While one must still look hard to be optimistic about the overall economy, 2011 is an exciting time for Georgia farmers, said agricultural economist Dr. George Shumaker.
Shumaker, who spent most of his nearly 30-year career as an extension agricultural economist in Statesboro, is now a professor emeritus with the Center for Agribusiness and Economic Development at the University of Georgia. He delivered the economic portion of the 2011 Georgia Ag Forecast given Thursday at the Nessmith-Lane Continuing Education Center on the Georgia Southern University campus.
Record crop prices are creating the highest profit potentials in lifetimes, but fuel prices, land rents and other production costs are also rising. Right now, speculation about where soaring prices on cotton and other staples will stop is creating a gamble as farmers decide whether and when to lock in contracts on their as yet unplanted 2011 crops.
"We go through exciting times in agriculture. We go through some depressing times too. ... I think the year 2011 holds the chance of being one of the more exciting times of our lives," Shumaker said. "As we enter into the year, we have record crop prices for many of our major agricultural commodities that we produce here in Georgia."
The record high prices available to farmers reflect record or near record lows in "carryover stocks," in other words the supplies of cotton, peanuts and grain left over from the 2010 harvest, Shumaker explained.
"It's going to be exciting. The markets are going to be on edge as we enter into the growing season hoping that once again Mother Nature provides us with weather to where we'll be able to have bountiful crops," he added.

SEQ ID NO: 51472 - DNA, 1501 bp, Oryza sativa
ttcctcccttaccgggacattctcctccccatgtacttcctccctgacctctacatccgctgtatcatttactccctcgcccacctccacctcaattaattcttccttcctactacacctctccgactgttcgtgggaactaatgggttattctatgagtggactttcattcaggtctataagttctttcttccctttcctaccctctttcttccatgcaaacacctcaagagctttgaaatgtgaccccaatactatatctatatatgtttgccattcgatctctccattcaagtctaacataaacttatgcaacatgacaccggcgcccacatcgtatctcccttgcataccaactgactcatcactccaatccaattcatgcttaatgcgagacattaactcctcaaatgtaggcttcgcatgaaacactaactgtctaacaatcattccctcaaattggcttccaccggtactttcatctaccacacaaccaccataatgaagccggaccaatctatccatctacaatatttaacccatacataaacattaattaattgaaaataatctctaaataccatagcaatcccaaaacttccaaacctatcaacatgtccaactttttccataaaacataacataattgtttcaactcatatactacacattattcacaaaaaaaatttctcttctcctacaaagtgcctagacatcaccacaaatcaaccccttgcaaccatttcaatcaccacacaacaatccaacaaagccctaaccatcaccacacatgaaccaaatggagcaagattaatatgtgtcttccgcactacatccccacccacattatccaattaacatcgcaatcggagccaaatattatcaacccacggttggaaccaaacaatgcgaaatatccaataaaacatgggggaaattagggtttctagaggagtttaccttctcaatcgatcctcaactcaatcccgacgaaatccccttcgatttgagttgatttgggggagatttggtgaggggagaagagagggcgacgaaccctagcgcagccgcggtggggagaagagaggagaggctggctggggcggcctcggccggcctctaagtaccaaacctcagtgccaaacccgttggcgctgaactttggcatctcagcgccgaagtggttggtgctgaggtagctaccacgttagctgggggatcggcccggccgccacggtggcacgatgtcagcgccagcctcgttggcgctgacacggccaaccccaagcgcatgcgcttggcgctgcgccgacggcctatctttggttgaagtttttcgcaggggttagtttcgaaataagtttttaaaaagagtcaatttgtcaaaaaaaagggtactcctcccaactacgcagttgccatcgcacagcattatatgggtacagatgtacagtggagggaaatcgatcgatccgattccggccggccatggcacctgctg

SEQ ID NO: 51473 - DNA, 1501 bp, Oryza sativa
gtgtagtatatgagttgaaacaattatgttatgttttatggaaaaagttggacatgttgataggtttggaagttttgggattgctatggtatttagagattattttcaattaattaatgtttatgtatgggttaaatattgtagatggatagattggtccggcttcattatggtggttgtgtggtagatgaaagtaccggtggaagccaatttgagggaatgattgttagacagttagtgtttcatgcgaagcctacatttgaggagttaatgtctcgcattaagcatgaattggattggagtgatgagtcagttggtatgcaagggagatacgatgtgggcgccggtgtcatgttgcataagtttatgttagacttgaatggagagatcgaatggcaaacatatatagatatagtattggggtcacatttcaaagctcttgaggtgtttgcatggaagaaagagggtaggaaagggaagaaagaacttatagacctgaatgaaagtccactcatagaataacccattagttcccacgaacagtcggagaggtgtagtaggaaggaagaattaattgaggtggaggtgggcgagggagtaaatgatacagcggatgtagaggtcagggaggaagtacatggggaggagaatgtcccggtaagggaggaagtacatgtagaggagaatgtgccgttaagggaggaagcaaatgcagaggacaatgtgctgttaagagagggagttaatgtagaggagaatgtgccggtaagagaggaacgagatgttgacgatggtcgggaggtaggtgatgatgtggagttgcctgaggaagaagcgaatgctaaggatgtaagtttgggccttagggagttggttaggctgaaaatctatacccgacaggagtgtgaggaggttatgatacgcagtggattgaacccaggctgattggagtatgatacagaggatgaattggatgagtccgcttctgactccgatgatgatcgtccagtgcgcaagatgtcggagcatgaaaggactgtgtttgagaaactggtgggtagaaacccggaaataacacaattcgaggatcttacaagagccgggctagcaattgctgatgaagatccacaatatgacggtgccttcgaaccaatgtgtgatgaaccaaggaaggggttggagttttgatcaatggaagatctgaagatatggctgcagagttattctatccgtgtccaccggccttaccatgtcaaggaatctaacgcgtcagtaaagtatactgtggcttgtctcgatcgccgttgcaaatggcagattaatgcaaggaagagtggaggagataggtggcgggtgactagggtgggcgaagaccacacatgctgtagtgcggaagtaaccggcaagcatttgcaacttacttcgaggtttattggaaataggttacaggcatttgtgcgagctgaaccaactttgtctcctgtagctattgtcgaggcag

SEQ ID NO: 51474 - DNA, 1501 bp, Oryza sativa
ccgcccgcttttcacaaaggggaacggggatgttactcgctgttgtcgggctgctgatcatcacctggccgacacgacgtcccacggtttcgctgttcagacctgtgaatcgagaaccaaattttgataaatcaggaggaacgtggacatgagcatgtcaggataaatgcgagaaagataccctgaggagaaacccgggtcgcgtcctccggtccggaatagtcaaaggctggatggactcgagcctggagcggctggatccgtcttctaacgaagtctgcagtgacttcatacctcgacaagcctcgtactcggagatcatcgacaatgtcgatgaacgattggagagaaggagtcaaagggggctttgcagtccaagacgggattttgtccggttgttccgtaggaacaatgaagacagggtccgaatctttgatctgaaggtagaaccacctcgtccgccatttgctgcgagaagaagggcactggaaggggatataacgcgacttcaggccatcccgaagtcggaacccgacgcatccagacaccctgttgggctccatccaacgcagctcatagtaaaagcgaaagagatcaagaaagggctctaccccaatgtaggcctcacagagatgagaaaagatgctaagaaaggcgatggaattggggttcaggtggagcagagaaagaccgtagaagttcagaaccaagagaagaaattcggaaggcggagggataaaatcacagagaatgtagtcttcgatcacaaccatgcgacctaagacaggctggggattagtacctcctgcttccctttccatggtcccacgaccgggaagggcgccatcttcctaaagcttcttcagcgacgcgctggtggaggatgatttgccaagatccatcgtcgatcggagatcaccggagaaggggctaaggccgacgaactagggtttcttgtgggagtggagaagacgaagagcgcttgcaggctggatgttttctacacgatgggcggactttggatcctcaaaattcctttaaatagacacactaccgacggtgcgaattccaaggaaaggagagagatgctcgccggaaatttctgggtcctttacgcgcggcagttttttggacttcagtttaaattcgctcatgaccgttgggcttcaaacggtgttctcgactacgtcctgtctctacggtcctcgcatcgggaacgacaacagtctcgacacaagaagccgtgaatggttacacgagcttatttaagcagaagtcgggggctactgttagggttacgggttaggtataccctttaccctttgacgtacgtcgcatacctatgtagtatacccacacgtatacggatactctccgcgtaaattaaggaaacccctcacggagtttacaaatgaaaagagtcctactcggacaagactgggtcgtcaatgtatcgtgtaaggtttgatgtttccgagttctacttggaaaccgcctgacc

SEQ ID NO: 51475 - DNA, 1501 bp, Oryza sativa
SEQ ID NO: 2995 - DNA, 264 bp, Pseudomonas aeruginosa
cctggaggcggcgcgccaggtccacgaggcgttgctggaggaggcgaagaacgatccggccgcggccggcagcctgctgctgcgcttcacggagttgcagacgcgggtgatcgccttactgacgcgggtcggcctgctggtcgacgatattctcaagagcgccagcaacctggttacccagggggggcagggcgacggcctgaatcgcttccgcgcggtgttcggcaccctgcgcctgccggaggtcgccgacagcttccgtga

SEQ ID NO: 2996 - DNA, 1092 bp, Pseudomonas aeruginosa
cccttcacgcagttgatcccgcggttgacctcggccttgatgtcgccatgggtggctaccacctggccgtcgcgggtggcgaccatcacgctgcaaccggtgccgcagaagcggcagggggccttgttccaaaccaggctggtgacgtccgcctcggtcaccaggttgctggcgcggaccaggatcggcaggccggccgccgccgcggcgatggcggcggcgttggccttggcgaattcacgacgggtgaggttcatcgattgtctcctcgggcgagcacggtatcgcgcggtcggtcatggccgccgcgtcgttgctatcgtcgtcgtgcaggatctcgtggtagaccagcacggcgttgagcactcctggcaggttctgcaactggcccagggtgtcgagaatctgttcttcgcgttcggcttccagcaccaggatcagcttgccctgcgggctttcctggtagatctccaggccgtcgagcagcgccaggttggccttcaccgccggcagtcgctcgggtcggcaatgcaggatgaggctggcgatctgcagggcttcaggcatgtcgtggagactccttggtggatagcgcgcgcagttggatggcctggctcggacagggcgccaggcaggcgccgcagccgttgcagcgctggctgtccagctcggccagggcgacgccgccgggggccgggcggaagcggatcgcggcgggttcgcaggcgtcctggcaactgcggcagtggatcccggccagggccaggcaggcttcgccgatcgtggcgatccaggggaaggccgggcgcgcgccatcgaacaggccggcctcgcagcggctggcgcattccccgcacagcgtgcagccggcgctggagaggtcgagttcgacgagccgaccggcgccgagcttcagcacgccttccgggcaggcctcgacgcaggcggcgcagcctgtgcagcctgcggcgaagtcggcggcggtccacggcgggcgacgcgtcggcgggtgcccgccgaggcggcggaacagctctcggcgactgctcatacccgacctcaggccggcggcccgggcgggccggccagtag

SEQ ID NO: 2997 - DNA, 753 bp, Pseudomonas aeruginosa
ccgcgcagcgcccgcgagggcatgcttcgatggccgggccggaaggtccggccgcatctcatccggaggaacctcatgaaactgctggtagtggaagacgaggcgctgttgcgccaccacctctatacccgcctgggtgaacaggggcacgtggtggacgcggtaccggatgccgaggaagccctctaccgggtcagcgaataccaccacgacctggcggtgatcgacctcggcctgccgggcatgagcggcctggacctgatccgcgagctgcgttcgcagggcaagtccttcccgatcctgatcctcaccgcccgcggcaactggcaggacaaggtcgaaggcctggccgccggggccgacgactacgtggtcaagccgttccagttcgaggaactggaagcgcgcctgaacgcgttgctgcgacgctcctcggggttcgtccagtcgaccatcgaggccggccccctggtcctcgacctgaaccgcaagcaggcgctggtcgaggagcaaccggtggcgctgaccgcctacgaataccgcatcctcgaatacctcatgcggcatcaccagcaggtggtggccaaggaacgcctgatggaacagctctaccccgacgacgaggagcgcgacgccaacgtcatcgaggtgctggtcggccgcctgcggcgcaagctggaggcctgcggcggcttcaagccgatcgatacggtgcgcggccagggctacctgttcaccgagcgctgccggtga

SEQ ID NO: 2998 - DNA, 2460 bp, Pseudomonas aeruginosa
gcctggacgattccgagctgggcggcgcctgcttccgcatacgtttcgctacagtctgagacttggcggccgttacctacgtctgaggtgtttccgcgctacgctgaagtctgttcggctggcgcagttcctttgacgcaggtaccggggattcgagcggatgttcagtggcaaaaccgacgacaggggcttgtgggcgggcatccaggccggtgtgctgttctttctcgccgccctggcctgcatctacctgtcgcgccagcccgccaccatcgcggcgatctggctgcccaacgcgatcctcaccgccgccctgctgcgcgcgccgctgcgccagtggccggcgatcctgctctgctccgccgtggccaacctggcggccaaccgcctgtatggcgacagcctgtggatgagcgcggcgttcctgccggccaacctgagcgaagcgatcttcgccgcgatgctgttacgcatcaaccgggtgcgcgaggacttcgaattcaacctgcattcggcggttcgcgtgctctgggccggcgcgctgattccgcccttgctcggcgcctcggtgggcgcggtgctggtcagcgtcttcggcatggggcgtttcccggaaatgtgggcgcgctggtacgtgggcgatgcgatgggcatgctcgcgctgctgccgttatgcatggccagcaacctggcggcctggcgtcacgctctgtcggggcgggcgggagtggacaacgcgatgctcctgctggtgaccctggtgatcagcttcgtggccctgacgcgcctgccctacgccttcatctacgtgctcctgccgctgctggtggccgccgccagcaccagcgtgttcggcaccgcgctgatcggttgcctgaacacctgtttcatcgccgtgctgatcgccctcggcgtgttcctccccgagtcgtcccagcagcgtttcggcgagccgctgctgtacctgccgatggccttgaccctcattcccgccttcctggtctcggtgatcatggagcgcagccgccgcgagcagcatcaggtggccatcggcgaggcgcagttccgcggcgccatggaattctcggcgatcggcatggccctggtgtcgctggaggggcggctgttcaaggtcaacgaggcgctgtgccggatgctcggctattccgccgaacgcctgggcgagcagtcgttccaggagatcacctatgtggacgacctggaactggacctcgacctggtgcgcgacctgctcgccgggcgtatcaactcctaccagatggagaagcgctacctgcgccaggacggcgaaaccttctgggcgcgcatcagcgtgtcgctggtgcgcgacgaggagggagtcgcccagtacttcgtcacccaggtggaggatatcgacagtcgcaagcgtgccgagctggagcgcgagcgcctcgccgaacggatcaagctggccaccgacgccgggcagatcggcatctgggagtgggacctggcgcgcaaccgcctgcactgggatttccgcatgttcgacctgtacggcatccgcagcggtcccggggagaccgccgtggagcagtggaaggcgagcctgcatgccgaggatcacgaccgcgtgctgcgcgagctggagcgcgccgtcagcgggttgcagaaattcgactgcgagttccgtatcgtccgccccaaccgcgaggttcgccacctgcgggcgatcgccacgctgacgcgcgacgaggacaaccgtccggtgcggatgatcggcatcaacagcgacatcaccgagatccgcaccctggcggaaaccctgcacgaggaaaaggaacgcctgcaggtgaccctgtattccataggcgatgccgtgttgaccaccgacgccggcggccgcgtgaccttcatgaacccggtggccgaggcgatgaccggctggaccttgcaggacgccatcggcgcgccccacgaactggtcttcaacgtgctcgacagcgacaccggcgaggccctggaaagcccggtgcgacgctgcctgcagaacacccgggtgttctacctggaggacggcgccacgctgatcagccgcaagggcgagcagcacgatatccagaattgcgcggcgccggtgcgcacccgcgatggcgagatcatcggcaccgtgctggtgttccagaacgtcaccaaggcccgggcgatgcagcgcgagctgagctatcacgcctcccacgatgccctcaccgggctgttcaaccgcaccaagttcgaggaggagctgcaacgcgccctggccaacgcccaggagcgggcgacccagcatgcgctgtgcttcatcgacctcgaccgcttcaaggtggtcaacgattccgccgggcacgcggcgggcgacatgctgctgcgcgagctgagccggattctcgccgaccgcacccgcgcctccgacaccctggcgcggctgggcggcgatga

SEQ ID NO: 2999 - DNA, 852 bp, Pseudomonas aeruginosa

Agriculture, Shumaker observed, is the largest single sector of Georgia's economy, with the top 65 farm products bringing $11.3 billion gross value to growers as of 2009, after the first slight decline in 10 years. Statewide totals for 2010 are not available yet, but are expected to roar back past the previous record highs. The "farm gate value" of Bulloch County's agriculture alone rose from roughly $120 million in 2009 to around $140 million in 2010, estimates Wes Harris, county coordinator with the UGA Cooperative Extension Service.
One crop, cotton, was responsible for much of this rise. While Bulloch County's planted cotton acreage more than doubled, from about 24,000 to 52,000 acres, the value of the cotton harvest more than tripled, from an estimated $14 million in 2009 to more than $50 million in 2010.
Bulloch County's peanuts yielded a more modest gain, from about $9 million to $10 million in value, as planting was actually reduced from about 14,000 acres to about 12,000, according to Harris.
Weather disasters that reduced world production in 2010 contribute to high demand for U.S. crop exports and record prices, Shumaker noted. With cotton, flooding in Pakistan and poor growing seasons in China and India cut supplies while Chinese textile mills increased their demand for raw cotton. As of this week, U.S. growers who had any cotton left to sell could get as much as $1.60 per pound, more than double the price of just one year earlier and the highest price in unadjusted dollar terms since the Civil War.
Much of the 2010 cotton crop actually sold for about $1 per pound, and pre-planting contract offers for the 2011 crop are now in the $1 to $1.10 range, say the county extension agents. While the price of peanuts has not climbed as precipitously, the crop that sold for $450 to $500 per ton a year ago is now bringing contract offers of $550.
Shumaker relayed a prediction, which he attributed to another UGA farm economist, that peanut contract prices may yet rise above $550. Market volatility, he acknowledged, leads to a guessing game as farmers want to wait for the best price possible, but not so long that they fail to secure a contract or see the trend reverse itself.
"We're going to see high volatility in our markets. It's going to make it very difficult to make decisions on when to price our commodities and how to go about pricing them," he said.